Oct 07 2011
Oct 07

I started doing development at C3 in 2009 back in the old warehouse office on 3rd street, and have been riding the wave of Drupal ever since. About a year ago Zack, Matt, and Josh started working on a new project called Pantheon. Since they have officially launched, I wanted to put together a blog post about my experience using the their product and how it has rounded out the development process over here.

The first Chapter Three site built on Pantheon on was our overhaul of the USC Marshall School of Business website, switching them from an aging hand-rolled .NET/ASP to Drupal. It was an interesting case because development had to kick-off a few weeks before Pantheon was ready for even the most beta of beta testers. What this meant was that we were going to have to move everything from our internal SVN-based environment to the new Pantheon environment about one month into the development process.

Smart guys that they are, one of the first things Pantehon built was an importer for existing Drupal sites. I ran a mysqldump of the database and made a tarball of the code and simply uploaded them into Pantheon. After a  few hiccups — one of the perks of beta testing something being worked on in the next room is that your bugs get fixed fast! —  it was working like a charm.

Getting started on Pantheon took some getting used to — for instance, I’d never used git before. Luckily they made it easy to get up and running: all the basic commands were right there. That helped with the initial learning curve and now that I’ve got the hang of it I honestly don’t think I’d ever switch back to SVN.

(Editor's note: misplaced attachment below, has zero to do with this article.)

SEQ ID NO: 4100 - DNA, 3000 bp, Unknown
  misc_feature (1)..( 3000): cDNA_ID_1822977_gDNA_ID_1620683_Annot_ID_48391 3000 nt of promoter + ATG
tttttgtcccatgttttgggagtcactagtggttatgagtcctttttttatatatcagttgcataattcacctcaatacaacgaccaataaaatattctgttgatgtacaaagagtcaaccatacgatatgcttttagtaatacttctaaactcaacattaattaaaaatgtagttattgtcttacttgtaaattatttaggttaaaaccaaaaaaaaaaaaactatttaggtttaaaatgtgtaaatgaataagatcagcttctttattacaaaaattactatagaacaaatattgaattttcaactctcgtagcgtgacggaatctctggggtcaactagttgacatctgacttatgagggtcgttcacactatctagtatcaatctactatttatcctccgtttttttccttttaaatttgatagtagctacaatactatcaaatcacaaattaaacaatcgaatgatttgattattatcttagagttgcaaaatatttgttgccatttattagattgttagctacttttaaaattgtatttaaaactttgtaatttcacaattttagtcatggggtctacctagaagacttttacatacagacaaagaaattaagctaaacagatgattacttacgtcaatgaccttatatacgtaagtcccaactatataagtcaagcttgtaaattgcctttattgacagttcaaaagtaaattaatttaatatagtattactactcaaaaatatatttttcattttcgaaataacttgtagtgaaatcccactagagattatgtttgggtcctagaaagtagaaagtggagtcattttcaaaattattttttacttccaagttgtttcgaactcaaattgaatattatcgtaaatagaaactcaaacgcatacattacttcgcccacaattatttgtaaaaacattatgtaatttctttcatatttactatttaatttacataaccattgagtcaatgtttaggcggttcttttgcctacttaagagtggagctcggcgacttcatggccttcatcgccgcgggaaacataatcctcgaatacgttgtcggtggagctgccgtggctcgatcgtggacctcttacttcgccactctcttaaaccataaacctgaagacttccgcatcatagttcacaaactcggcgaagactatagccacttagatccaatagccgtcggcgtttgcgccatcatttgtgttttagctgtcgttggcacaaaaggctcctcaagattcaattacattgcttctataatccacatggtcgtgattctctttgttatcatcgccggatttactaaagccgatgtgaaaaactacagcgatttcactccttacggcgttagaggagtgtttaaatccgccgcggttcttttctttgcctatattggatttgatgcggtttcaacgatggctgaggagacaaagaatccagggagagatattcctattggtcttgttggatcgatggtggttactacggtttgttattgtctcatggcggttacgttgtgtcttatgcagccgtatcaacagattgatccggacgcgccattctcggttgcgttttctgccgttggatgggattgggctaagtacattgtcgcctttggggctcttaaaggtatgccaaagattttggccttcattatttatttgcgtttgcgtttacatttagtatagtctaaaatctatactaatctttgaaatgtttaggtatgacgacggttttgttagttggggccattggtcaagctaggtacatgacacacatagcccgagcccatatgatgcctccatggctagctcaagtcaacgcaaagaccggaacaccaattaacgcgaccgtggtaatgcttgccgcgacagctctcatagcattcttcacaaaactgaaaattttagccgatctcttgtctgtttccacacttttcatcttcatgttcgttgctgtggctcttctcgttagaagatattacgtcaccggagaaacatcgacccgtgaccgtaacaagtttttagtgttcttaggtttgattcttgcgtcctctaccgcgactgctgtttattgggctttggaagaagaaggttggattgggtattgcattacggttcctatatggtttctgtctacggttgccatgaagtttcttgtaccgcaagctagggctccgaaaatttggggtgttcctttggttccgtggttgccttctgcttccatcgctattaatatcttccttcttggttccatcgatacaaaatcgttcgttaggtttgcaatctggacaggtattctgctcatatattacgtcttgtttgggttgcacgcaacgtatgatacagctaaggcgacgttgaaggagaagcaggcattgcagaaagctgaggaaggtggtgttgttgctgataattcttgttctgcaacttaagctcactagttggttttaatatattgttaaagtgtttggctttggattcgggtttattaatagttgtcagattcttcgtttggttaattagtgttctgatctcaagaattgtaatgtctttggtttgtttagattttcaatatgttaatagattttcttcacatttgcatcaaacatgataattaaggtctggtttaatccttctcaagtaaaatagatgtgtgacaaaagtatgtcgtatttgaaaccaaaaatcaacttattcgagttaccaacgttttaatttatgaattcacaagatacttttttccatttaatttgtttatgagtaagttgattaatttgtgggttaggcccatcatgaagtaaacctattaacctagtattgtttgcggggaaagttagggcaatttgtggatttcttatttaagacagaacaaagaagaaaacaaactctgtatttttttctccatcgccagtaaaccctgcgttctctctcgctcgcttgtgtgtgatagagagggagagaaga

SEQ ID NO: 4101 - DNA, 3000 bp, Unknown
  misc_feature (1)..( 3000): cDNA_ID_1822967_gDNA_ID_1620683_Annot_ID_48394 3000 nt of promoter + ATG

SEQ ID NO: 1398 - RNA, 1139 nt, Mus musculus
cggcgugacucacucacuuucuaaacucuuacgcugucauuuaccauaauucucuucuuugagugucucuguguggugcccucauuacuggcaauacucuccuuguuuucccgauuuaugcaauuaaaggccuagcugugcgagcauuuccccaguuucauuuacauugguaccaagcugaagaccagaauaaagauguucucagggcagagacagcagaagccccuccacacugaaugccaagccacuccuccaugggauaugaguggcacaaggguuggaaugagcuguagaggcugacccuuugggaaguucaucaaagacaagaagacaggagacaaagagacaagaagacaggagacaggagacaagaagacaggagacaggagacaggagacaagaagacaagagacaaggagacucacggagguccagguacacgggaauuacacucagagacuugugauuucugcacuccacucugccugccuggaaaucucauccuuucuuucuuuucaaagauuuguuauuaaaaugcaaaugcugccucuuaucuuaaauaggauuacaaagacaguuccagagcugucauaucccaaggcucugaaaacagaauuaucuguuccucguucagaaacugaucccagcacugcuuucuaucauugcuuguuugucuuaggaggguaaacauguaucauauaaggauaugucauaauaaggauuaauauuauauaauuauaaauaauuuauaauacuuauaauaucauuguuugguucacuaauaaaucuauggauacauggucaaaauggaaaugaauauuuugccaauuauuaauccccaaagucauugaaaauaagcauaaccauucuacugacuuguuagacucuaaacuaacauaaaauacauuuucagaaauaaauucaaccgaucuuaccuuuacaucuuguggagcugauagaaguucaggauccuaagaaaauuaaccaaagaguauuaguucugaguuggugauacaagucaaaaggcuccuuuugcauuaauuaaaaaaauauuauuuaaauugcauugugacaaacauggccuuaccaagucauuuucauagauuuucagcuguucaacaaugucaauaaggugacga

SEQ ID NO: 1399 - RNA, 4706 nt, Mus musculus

Learning git as a side effect was a definite win. It’s just so much faster to use, plus it’s what all of Drupal is built on now. Definitely the way of the future. 

Having the full repository on your desktop is great for peace of mind. Not to mention how easily Pantheon allows you to create backups. This was a real confidence booster before I started on any gnarly piece of development. Going back to a known working state was always just a click away. It might sound cheesy but this probably saved me a few grey hairs.

Having separate workflow environments with the ability to easily push changes and pull content really made a big difference too. Not only does this make sure we’re deploying the “right” way, it also made the practicalities of working with an external owner easier.

For instance, once we got to the point of doing client reviews and QA  I would push the completed work to the “live” area of the site for the client to take a look. Meanwhile I could be shredding code (and more importantly, breaking code) in the dev area without having to worry about confusing the client.

The workflow environments also came in handy when we got to the end of the project. The USC Marshall folks were able to start adding content and doing final launch prep without interrupting my final push of bugfixes. Being able to pull down their live content was also essential for debugging subtle issues with layout and navigation.

Overall I spent about two months working on the site through Pantheon, and it was one of the first real live sites launched on the platform. We are now moving all new sites to Pantheon for development and it is awesome. While I respect our legacy tools, I also can’t wait to ditch them!

About Drupal Sun

Drupal Sun is an Evolving Web project. It allows you to:

  • Do full-text search on all the articles in Drupal Planet (thanks to Apache Solr)
  • Facet based on tags, author, or feed
  • Flip through articles quickly (with j/k or arrow keys) to find what you're interested in
  • View the entire article text inline, or in the context of the site where it was created

See the blog post at Evolving Web

Evolving Web